Google Project Fi is a little-known mobile service that has been growing its user base gradually over the past one year. Like many other carriers you probably don’t know of, Project Fi is a mobile virtual network operator (MVNO).
An MVNO is a mobile service provider that doesn’t operate on its own infrastructure, instead, it uses already established networks to provide their services. As for Google Project Fi, the service uses T-Mobile, Sprint, and U.S. Cellular in the U.S. while those in the UK can get it through Three network.
Using Google Project Fi, you can automatically switch between the three networks depending on which one is offering the best signal strength and data speeds as per your location. If none of these networks is offering better connections than any public Wi-Fi hotspot near you, Project Fi will connect to the internet using this hotspot. The company promises secure connections thanks to its own VPN that automatically encrypts your communication over these public Wi-Fi hotspots.
In terms of charges, Google Project Fi has a basic plan of $30. This includes $20 for unlimited calls and SMS while the $10 is meant for 1GB of data. The latter part is flexible, which is a major selling point for this carrier. In case of using less than 1GB of data in a month, Google will refund you back the balance. If you use more than this allocation, you will also be charged the extra data at $0.01/MB.
Just recently, Google added group plans to Project Fi. This allows up to six people in a group, meaning that you can have your entire family or friends under the same account for a discounted fee. Unlike the first line that attracts a fee of $30 per month for the base package, the additional five in the group are charged $25/month per line.
If you travel a lot, Google Project Fi will still be at your service in more than 135 countries across the globe. Here, you can keep on enjoying the usual unlimited SMS as well as data services. However, calls are no longer free, instead, there is a flat rate of $0.20 per minute, which is still not bad. You can still make use of Wi-Fi hotspots in these regions to make calls over the internet. The carrier has a Project Fi app that makes the management of every plan a no-brainer.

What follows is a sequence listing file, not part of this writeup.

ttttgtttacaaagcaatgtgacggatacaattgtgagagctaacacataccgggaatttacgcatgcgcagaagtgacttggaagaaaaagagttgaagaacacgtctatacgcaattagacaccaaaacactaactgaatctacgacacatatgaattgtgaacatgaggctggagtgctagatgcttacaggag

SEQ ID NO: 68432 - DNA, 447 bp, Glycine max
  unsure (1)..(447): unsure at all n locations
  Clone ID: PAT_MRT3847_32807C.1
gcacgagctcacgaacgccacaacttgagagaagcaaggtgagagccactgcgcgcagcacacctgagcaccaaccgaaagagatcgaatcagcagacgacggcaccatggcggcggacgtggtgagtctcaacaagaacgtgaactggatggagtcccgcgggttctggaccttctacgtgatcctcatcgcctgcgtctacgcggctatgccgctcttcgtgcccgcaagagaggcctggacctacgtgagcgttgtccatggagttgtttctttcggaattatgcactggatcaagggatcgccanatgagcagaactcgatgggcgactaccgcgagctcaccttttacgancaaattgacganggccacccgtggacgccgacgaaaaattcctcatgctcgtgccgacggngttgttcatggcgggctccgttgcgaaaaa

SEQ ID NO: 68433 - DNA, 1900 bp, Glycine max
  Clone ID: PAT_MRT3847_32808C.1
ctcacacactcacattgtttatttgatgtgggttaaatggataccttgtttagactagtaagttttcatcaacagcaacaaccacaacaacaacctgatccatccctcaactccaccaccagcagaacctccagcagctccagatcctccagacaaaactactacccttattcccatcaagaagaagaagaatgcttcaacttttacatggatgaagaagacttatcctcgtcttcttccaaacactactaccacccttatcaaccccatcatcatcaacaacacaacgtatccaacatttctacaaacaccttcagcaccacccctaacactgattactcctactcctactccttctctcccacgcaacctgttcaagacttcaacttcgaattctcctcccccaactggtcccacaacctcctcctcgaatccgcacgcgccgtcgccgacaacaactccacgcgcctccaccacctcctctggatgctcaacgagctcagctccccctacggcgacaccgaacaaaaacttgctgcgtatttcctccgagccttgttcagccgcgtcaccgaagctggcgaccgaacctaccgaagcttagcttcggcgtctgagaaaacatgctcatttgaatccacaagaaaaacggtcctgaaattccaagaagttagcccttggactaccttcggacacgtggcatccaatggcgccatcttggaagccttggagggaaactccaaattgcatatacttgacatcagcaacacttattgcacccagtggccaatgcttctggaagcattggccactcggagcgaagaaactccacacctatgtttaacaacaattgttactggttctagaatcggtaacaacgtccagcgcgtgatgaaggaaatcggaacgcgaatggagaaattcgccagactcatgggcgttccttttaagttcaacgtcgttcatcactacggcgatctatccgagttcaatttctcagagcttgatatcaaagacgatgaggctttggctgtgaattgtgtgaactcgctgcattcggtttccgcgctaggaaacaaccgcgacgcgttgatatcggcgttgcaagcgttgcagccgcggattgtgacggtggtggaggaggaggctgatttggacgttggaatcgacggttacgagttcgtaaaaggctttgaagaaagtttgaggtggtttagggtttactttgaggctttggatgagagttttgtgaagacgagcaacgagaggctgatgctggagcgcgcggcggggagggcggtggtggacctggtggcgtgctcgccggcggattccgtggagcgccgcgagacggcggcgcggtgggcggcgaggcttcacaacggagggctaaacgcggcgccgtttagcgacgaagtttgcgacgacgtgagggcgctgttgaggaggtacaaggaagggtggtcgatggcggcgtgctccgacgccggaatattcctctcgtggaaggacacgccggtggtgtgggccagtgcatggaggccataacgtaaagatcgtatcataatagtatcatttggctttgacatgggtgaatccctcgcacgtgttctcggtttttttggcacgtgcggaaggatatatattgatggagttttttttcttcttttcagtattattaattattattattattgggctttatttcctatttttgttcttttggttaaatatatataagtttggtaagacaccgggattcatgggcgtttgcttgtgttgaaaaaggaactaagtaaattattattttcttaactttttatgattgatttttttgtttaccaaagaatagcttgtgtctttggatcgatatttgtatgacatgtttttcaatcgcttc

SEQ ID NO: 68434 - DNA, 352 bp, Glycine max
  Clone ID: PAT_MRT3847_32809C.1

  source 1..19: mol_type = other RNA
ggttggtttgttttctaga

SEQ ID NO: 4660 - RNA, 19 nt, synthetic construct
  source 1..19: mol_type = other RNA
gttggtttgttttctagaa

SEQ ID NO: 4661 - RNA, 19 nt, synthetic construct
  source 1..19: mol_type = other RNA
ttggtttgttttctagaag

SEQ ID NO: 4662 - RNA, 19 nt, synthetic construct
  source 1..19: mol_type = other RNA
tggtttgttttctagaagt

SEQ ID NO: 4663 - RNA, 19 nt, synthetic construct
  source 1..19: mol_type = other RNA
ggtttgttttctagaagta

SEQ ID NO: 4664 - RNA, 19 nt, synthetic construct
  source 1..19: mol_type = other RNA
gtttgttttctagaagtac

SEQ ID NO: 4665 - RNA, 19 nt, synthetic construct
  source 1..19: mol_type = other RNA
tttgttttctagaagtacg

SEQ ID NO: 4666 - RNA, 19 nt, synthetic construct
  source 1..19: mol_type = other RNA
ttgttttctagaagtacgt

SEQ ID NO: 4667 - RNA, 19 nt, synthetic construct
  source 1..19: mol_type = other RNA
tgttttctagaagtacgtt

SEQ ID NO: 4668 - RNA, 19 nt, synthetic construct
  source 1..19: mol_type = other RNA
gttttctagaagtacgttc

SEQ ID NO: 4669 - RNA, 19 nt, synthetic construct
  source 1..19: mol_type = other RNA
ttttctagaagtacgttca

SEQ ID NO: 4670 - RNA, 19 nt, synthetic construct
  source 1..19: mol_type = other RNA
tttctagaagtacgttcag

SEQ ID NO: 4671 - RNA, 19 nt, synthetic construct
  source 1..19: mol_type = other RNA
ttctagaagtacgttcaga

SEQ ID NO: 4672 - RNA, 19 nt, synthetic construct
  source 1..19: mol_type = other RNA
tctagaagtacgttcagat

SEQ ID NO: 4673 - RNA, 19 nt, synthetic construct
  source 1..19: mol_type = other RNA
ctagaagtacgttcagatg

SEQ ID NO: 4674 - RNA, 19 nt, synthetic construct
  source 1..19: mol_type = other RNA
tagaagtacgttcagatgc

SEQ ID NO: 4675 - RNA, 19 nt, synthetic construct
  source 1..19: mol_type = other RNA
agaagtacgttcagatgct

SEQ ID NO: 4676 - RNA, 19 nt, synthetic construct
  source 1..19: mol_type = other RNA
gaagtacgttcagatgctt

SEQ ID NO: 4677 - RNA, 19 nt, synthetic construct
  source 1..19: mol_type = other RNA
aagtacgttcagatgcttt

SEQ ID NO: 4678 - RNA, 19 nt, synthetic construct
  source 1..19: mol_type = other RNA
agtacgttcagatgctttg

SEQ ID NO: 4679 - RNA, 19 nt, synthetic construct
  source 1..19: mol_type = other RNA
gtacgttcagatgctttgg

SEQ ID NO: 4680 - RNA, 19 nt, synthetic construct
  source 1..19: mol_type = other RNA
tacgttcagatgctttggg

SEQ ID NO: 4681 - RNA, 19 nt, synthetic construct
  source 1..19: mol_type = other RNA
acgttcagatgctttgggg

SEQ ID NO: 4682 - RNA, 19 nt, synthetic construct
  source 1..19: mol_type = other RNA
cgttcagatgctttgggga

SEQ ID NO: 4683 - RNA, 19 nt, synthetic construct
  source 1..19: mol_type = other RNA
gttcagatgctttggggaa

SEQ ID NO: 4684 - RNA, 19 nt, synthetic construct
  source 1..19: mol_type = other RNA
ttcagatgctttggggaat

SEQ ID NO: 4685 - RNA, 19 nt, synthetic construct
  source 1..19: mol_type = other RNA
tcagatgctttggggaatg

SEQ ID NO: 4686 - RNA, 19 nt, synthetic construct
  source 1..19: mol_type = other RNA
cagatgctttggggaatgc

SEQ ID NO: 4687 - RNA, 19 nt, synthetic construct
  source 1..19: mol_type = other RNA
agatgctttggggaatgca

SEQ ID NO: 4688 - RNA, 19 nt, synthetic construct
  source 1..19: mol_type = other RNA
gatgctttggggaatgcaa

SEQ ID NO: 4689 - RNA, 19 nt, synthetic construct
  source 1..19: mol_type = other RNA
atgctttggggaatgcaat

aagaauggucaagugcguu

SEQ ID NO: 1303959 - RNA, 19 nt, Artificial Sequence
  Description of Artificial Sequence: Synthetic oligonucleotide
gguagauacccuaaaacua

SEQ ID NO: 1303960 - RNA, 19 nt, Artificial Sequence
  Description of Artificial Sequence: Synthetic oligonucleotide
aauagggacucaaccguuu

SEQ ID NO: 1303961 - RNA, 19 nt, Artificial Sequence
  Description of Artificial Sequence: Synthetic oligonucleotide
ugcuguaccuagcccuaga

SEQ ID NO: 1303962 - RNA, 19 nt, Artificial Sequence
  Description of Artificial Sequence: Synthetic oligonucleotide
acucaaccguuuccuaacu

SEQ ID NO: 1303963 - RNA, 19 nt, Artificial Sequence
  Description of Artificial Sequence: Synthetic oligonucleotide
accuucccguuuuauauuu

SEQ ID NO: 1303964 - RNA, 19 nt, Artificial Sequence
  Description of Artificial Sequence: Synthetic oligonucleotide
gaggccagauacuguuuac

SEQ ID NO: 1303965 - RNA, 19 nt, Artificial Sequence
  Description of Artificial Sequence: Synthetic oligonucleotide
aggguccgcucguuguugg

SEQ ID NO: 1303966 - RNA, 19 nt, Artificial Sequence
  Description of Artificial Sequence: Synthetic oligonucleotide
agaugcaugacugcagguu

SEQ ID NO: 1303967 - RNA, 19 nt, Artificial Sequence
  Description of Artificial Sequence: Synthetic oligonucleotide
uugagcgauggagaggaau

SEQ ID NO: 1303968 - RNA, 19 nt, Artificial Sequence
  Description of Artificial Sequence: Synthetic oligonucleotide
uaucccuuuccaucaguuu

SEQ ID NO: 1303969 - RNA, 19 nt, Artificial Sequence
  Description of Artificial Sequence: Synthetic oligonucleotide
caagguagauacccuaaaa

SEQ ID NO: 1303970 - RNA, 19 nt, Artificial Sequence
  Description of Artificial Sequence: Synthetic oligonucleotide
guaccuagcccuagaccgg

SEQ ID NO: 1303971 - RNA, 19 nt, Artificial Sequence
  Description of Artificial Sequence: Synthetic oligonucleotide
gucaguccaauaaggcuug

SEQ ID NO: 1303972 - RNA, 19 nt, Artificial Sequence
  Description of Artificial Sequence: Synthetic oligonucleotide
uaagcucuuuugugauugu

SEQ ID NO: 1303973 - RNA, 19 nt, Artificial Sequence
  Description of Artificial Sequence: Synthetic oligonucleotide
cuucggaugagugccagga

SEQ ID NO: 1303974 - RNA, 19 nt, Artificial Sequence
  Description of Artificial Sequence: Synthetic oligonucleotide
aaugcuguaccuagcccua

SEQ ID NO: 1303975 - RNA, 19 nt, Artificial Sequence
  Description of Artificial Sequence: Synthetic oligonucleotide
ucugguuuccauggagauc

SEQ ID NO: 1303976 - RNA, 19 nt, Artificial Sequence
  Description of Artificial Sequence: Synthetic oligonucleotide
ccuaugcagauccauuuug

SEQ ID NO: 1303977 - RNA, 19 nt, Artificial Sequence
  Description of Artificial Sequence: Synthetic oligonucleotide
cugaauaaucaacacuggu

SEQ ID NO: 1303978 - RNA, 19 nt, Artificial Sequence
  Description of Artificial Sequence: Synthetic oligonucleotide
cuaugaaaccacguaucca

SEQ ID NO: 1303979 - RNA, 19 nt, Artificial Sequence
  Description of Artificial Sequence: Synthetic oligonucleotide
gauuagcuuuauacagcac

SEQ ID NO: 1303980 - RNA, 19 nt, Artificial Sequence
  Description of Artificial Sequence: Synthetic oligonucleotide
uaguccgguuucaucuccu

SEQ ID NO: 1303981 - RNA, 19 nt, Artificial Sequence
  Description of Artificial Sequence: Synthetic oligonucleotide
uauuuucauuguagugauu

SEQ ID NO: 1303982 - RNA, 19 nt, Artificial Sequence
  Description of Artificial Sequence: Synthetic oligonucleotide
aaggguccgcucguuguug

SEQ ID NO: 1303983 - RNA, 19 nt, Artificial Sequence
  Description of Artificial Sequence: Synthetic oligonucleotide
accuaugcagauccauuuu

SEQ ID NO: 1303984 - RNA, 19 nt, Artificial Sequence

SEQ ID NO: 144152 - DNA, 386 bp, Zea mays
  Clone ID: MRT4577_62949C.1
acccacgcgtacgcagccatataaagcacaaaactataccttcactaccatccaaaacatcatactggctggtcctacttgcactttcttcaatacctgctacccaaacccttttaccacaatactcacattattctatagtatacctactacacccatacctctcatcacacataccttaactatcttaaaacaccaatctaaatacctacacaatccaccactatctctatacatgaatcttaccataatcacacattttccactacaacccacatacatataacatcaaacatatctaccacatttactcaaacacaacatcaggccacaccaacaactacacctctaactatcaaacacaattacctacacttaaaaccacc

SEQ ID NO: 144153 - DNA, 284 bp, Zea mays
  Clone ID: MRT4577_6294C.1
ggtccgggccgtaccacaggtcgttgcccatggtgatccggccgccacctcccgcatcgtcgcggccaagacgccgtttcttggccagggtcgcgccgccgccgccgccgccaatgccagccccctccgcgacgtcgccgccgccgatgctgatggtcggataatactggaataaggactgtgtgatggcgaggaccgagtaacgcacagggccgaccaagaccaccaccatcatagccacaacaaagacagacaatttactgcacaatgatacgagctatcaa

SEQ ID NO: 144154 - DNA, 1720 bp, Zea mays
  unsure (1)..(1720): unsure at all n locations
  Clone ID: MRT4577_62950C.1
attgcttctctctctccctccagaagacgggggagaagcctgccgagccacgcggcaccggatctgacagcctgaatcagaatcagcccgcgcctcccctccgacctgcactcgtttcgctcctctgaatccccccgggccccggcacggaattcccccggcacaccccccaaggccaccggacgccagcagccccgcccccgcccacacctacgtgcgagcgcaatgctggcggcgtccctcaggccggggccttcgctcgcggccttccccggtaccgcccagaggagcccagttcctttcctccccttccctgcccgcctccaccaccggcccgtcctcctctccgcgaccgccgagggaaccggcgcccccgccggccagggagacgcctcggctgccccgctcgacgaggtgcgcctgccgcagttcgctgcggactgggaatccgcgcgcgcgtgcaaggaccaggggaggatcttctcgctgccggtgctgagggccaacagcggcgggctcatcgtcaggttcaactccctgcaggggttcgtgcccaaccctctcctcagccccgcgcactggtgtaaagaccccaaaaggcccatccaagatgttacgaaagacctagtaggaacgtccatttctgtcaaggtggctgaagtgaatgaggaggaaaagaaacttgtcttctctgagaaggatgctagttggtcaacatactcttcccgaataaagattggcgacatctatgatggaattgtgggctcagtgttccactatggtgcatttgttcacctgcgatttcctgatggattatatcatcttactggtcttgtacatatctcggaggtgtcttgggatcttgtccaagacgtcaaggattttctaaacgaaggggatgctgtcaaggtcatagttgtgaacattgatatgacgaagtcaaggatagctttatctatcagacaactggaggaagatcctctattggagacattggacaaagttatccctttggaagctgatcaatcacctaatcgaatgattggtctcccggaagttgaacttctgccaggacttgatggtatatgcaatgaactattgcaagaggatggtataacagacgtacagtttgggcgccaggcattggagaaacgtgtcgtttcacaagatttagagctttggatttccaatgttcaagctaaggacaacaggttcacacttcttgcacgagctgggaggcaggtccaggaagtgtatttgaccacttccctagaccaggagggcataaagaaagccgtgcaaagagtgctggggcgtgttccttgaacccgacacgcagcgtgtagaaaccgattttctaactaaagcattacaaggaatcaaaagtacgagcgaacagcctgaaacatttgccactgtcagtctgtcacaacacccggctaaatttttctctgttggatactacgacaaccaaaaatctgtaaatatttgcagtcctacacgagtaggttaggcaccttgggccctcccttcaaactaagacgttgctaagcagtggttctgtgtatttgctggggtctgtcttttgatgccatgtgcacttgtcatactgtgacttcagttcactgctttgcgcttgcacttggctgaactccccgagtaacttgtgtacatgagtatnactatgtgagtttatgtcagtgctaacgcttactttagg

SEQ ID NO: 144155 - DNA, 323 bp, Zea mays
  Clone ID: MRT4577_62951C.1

As you can see, Google Project Fi has lots of goodies, but as you may know, all good things have their bad side, at least. One major downside of Project Fi is the fact that it works on a limited set of Google devices. These include Google Pixel and Pixel XL, Google Nexus 6P and Nexus 5X as well as the Motorola Nexus 6. If you really need to use a Google Project Fi SIM card on a non-Google device, your best bet is going for the data-only SIM, which as the name suggests, is only meant for data services.
The idea of having a data-only SIM card that can work on devices other than Google Nexus or Pixel phones could be the first step towards having more devices supported on the network. As for now, this data-only SIM card must be connected to the main Google Project Fi SIM card since it uses the data purchased on the latter. Whether or not Google will at some point consider adding support for devices from Samsung, Apple, Motorola, Huawei, and basically any other OEM to this carrier is still a mystery. But the fact that the carrier is already doing great in terms of international coverage might play a huge part in influencing this decision.
It would be a welcome idea if Google Project Fi was able to work on more than the current set of Google devices. Do you agree? Share your thoughts with us via the comments.